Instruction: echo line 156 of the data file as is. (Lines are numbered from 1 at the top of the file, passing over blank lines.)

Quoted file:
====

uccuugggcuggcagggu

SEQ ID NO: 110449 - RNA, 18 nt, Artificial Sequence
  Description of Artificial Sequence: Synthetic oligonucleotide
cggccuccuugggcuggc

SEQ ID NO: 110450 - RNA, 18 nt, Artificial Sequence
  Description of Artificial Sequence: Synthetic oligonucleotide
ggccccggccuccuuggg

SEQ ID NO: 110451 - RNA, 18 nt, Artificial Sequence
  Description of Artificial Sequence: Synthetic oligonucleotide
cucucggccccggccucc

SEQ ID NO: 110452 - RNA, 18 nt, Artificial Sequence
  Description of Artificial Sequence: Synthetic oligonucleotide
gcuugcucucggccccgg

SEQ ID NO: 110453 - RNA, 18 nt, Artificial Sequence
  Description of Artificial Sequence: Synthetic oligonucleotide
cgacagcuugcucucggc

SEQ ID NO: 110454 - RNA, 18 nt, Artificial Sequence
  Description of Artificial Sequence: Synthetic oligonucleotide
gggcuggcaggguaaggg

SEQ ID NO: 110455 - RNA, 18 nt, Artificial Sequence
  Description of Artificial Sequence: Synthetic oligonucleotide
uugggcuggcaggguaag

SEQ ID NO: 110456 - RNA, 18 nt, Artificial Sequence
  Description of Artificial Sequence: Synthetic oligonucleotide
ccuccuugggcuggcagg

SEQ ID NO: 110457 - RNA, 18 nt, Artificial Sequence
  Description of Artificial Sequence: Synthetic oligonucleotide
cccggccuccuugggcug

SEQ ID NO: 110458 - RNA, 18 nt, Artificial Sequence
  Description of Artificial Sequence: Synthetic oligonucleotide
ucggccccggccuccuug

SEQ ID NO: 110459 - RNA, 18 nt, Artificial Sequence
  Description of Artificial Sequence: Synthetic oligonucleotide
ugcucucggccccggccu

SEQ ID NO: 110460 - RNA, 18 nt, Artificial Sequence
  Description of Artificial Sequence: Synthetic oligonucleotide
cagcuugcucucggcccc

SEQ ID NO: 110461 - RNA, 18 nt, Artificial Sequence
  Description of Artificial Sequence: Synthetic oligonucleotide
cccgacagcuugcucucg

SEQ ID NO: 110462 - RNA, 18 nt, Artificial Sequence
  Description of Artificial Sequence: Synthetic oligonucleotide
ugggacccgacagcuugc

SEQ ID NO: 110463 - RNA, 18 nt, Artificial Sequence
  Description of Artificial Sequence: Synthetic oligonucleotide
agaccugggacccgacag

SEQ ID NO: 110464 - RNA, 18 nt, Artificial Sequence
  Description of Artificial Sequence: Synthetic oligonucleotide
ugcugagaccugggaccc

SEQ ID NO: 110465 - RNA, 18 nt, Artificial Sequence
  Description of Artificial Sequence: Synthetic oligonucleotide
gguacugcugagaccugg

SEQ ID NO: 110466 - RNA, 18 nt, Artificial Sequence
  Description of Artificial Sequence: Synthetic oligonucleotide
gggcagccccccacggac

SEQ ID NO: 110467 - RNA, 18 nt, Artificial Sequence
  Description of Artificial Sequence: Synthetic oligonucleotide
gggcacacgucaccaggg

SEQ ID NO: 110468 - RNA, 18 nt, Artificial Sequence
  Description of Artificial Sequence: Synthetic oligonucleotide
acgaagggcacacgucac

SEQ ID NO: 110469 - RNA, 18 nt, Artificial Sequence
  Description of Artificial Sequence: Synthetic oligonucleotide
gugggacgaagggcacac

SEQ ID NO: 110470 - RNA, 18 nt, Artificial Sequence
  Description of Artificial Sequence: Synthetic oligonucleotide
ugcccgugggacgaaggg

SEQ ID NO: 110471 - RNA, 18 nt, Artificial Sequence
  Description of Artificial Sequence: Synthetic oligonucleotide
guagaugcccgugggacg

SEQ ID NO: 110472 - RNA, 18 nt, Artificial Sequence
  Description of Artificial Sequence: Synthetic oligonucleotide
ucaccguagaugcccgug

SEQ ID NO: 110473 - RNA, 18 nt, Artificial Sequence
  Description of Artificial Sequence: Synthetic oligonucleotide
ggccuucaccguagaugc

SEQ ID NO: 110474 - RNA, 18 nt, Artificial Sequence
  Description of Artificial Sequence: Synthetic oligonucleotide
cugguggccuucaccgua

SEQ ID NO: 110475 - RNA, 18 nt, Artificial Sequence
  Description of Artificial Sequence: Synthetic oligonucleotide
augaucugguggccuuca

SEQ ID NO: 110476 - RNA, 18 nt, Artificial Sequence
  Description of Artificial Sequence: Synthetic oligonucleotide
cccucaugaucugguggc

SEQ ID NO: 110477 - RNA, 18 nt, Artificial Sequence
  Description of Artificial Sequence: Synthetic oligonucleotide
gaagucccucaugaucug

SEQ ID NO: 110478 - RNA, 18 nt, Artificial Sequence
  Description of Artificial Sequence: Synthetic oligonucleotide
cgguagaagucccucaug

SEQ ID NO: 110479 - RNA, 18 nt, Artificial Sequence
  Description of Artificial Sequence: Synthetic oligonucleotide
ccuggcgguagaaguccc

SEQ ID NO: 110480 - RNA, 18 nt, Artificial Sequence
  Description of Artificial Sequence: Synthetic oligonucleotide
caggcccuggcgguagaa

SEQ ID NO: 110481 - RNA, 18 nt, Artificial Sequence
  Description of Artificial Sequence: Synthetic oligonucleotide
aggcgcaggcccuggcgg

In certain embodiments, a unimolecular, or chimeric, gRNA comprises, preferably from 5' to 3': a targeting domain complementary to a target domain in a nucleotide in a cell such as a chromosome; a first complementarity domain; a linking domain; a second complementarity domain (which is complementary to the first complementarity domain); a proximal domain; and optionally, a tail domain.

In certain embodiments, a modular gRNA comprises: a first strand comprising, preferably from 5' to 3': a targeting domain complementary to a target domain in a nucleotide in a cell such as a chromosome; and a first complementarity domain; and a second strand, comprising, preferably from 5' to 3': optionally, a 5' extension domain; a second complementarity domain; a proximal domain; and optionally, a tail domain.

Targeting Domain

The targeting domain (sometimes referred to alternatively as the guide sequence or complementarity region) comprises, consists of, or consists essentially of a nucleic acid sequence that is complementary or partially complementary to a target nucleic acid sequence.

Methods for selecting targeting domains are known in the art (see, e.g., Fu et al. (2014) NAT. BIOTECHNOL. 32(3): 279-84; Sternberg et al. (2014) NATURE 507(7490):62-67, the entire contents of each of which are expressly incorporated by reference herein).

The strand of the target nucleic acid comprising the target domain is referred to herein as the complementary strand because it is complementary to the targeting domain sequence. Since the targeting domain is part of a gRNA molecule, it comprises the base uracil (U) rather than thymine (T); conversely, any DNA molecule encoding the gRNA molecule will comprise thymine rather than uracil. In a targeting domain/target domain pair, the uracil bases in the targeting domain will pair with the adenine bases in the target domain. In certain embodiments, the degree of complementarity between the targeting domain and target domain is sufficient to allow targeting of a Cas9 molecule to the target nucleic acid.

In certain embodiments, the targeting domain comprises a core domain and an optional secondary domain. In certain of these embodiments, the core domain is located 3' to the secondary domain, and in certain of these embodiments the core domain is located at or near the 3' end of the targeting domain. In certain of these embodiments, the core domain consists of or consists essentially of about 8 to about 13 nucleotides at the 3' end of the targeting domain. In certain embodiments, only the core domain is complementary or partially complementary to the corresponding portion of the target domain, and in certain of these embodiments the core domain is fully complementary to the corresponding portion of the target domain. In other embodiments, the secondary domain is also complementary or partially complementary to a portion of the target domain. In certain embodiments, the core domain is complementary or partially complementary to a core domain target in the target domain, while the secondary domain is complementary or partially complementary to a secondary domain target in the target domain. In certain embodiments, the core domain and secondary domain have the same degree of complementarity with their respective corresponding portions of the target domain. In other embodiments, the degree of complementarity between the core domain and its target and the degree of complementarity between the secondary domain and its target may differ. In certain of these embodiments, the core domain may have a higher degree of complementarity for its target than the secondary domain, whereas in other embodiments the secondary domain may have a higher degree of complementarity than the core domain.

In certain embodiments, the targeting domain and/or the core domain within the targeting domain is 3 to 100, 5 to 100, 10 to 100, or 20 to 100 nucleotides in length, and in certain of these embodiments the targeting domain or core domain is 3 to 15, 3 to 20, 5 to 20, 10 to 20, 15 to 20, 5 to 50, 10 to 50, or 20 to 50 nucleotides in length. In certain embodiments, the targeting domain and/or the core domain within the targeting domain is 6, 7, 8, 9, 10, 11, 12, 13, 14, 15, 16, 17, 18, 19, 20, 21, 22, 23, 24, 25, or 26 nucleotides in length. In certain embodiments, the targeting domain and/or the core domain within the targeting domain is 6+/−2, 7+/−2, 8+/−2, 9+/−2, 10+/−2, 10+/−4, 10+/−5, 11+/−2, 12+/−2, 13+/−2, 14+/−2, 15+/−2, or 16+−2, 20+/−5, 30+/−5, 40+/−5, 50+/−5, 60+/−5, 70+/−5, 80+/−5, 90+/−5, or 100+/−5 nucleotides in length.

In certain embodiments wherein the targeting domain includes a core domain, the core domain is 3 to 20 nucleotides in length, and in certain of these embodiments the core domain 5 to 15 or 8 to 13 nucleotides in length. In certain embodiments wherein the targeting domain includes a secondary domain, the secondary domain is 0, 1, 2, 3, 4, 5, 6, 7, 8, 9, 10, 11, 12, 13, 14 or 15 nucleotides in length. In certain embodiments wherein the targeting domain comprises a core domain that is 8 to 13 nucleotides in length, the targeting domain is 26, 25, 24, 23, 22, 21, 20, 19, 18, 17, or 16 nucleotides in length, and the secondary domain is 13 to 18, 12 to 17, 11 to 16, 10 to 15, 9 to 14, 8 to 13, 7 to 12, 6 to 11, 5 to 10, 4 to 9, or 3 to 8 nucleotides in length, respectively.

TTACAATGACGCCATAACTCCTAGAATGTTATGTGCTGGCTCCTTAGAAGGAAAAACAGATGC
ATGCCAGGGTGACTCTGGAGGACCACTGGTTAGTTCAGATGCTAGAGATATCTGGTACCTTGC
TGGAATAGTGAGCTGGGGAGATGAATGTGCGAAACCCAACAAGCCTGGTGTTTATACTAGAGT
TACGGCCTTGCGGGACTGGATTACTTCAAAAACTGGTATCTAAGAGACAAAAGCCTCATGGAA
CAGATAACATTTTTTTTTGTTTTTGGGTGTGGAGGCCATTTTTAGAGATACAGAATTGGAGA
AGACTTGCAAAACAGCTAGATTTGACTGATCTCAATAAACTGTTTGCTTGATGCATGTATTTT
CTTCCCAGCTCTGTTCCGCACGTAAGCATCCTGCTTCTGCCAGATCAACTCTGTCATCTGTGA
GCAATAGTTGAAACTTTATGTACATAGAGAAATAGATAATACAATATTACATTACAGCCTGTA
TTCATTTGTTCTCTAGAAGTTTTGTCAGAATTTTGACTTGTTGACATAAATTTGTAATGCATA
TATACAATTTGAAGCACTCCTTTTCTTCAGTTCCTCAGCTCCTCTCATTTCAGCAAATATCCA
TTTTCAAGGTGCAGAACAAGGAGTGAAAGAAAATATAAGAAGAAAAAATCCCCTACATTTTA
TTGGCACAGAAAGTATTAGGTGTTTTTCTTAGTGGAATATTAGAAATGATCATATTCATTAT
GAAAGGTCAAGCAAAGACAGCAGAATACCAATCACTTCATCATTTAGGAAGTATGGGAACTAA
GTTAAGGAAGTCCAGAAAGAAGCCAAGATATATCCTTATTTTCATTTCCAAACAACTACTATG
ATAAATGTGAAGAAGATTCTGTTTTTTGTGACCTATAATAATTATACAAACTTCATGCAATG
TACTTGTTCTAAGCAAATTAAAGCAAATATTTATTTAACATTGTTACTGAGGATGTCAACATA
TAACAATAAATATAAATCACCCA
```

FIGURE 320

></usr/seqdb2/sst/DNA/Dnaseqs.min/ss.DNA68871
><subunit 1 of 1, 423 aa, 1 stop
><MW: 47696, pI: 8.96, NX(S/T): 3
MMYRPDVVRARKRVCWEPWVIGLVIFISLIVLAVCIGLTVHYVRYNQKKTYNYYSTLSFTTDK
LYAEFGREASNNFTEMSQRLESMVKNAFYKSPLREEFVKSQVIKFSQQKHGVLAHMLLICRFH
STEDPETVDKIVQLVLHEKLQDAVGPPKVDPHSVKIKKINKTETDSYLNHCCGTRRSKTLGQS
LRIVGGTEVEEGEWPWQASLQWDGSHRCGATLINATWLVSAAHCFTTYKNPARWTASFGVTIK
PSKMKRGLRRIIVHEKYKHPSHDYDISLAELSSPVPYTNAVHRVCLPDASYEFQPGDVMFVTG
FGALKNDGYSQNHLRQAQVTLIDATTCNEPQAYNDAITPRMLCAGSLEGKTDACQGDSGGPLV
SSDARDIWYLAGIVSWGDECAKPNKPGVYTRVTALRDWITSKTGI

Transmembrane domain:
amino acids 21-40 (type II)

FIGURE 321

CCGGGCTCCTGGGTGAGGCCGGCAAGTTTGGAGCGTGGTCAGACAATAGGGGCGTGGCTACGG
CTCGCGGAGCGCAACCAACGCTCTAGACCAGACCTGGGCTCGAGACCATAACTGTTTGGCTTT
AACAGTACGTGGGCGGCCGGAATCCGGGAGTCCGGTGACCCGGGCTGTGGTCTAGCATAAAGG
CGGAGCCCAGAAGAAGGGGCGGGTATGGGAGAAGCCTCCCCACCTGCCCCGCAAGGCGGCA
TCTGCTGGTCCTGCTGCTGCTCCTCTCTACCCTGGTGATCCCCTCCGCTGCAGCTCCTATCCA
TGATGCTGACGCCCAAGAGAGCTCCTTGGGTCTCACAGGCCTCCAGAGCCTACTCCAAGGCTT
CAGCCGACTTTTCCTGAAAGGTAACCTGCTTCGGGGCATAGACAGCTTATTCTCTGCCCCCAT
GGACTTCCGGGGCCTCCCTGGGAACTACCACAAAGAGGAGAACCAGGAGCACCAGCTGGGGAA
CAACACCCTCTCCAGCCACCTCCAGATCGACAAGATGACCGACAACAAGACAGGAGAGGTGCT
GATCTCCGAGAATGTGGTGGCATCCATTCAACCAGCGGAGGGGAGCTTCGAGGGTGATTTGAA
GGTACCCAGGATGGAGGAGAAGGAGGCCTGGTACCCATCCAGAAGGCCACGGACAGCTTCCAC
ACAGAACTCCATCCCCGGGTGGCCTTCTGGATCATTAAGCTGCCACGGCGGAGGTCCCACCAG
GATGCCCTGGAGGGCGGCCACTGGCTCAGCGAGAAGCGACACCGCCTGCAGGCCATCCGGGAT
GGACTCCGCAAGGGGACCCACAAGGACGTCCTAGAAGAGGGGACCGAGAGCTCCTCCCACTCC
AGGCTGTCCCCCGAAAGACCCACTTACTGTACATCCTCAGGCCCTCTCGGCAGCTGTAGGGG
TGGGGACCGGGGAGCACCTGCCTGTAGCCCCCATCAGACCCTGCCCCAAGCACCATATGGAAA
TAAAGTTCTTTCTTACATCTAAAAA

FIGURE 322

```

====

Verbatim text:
AGGCTGTCCCCCGAAAGACCCACTTACTGTACATCCTCAGGCCCTCTCGGCAGCTGTAGGGG